Standing at the Crossroads* by
(165 Stories)

Prompted By Changed My Life

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Summer, 1966. My cousin and I finished a landscaping job overlooking the San Francisco Bay. I’d made cash for the school year but returning to Cambridge had no place on my event horizon. The San Francisco Mime Troupe was performing the Minstrel Show around Berkeley and Oakland and I was a part of it.

The world shook beneath my feet and I loved it.

I wasn’t acting in the Minstrel Show, but they put me to work playing banjo and singing on the sidelines. I learned to play old Stephen Foster tunes to give the show a racist, doo-dah background. We also did freedom songs and a tune by Nina Simone called “Mississippi Goddam,” with only voices, a banjo, with Vinny on trumpet, and Richard playing snare drum with a high hat.

They put a sketch into the show based on my audition piece, a concentration camp improv. I had gotten the idea from a nightmare scenario James Baldwin had created in The Fire Next Time.

Paul, a black man, played a white cop. Richard and Erroll smeared on minstrel blackface and played two black street guys. Paul didn’t play the cop as a cracker. He played him stiff, humorless, an executive delivering the news to the two black-faced white guys. “You’re not going to be murdered helter-skelter no more,” he’d say. “You people will have the honor of joining your brothers and sisters in the vanguard of Ne-ger-oes in the labor camps.” He finished with “Work will set you free.”

Richard and Erroll began the scene acting jive but pivoted to solemnity once the reality of this black-in-America Final Solution sunk in. They were marched off singing “Work will set you free,” while we chanted “Arbeit macht frei” to banjo and snare drum.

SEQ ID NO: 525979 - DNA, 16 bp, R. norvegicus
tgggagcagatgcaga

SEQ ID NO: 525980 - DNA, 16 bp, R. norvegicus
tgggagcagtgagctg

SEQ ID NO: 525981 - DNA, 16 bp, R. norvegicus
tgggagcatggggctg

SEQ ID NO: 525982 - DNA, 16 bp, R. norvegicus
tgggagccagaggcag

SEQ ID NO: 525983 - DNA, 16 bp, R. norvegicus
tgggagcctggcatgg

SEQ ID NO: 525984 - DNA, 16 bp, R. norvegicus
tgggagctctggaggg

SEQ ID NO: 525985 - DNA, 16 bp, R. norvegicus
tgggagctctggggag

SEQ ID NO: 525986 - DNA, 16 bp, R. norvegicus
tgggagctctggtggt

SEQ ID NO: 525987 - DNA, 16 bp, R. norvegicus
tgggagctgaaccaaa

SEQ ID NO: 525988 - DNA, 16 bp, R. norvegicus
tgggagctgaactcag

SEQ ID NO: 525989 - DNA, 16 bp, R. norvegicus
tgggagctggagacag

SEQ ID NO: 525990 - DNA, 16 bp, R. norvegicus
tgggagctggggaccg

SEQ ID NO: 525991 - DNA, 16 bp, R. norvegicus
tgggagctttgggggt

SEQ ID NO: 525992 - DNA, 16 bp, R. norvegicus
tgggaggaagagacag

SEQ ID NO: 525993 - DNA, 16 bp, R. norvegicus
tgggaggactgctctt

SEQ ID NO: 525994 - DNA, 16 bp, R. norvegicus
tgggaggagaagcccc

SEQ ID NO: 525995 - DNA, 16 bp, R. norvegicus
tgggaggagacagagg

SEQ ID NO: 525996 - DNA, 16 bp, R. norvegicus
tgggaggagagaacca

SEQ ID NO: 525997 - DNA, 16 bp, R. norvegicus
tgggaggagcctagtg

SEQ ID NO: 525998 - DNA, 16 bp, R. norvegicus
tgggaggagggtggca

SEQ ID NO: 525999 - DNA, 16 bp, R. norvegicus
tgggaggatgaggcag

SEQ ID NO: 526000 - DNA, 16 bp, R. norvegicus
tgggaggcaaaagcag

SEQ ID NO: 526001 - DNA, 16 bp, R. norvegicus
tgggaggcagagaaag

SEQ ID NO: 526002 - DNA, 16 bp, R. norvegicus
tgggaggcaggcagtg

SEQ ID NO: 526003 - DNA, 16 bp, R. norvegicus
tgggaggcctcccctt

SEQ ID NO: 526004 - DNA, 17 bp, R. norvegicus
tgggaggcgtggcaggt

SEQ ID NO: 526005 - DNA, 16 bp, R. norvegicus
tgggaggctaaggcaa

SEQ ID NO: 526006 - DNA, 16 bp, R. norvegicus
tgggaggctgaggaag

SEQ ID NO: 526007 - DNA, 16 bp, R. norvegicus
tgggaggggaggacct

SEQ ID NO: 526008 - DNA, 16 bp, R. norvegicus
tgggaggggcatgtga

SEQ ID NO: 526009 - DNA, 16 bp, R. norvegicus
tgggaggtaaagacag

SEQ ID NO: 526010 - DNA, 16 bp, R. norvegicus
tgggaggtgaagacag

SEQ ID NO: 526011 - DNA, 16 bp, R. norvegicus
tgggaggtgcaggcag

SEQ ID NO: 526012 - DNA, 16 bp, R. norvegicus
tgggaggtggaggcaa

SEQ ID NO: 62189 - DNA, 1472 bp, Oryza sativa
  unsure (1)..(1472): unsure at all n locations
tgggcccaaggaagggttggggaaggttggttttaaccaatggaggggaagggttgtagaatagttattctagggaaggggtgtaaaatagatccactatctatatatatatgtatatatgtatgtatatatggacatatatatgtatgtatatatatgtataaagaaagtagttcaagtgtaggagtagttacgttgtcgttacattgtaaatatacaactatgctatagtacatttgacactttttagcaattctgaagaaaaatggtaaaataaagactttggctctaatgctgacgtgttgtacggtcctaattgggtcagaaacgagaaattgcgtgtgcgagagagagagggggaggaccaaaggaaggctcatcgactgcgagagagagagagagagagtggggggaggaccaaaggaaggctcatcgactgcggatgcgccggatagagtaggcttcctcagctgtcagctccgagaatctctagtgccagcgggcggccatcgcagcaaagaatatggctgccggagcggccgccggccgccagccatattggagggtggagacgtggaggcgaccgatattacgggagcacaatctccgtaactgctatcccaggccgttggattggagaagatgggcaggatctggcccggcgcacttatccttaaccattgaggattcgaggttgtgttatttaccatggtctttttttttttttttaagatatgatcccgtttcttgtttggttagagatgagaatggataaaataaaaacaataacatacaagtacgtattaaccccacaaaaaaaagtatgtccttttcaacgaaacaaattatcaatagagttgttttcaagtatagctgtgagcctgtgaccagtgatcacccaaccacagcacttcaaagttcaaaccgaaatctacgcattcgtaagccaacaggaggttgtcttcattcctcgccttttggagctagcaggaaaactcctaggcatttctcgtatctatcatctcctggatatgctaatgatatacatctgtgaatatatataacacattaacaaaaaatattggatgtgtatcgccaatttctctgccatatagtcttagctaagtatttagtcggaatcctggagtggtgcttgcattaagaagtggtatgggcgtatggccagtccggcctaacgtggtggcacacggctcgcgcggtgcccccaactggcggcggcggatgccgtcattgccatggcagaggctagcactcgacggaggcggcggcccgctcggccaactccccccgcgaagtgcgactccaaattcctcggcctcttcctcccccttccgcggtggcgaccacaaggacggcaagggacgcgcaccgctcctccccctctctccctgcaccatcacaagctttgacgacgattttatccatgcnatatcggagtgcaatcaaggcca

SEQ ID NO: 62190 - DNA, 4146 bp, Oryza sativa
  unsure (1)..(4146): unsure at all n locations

At first, only white people came. Then black people showed up, first in mixed crowds of activists. Add a few pioneering black-and-white couples, gay and straight, and you’ve got a Mime Troupe Minstrel Show audience.

The crowd split in their response. People didn’t know whether to laugh or sit in silent shock. Every night, the actors walked a razor’s edge. Good satire doesn’t reach out to coax you along. It jars you with its sarcasm and cruelty. White people affecting Negro accents and jiving with Negroes onstage caught the audience in a crossfire. They could either stand up and walk out or stick around and try to figure it out.

We did a long finale with music by Steve Reich to accompany a film full of watermelons — people eating watermelons, lying on and in watermelons, chasing water- melons down the street. Blowing up watermelons, stabbing watermelons, taking the guts out of watermelons, rubbing them on naked bodies, dropping them from great heights. The plan was to take the icons of racism to their extremes; the watermelon finale delivered the final note, Reich’s music writhing in and out of Stephen Foster melodies.

We wanted to deal body blows to the system. I felt the power but also the bone-deep abuse that the Man heaps on us all. This little country boy from white New England felt himself internalize what he was creating onstage, like an adolescent who tries to make it real, but compared to what? In the black-and-white fantasy of the Minstrel Show, the world shook beneath my feet, and I loved it.

Vinny and Olivia were booking a tour of the Northwest with the Minstrel Show and a commedia show. After that, they were headed for New York to perform at Town Hall with Dick Gregory! I didn’t dare hope, but Vinny might cast me in the commedia. And with my music chops, I was good for the Minstrel Show. But I hadn’t told Vinny I had another year to finish back at the Cambridge brickyard. When he found out, Vinny dragged me into the office. “Go finish school,” he said.

I found it weird that this radical anarchist was so adamant about a college degree. “Isn’t this the thing to do?” I said. “You know… turn on, tune in, and drop out?”

“Bullshit,” Vinny said. “That’s Tim Leary crap. Drop out and you disappear. That’s for fucking pop stars, and they don’t drop out. They plug in and sell out. Turning on is irrelevant. Get high, don’t get high, I don’t care, just be on time, know why you’re here, and don’t forget the ammunition.”

He walked me to the bottom of the stairs. Nobody else was around. “We commit,” he said. “We engage. We breathe the fresh air of the parks and put on free shows. We take the path. No. We make the path of most resistance. We fight the system.”

“I know,” I said. “That’s why I want to work with you guys. Didn’t you give me a part in the Minstrel Show? You know I can play the music! You know I can act. What good is a diploma from the belly of the beast? It’ll just give me gas.”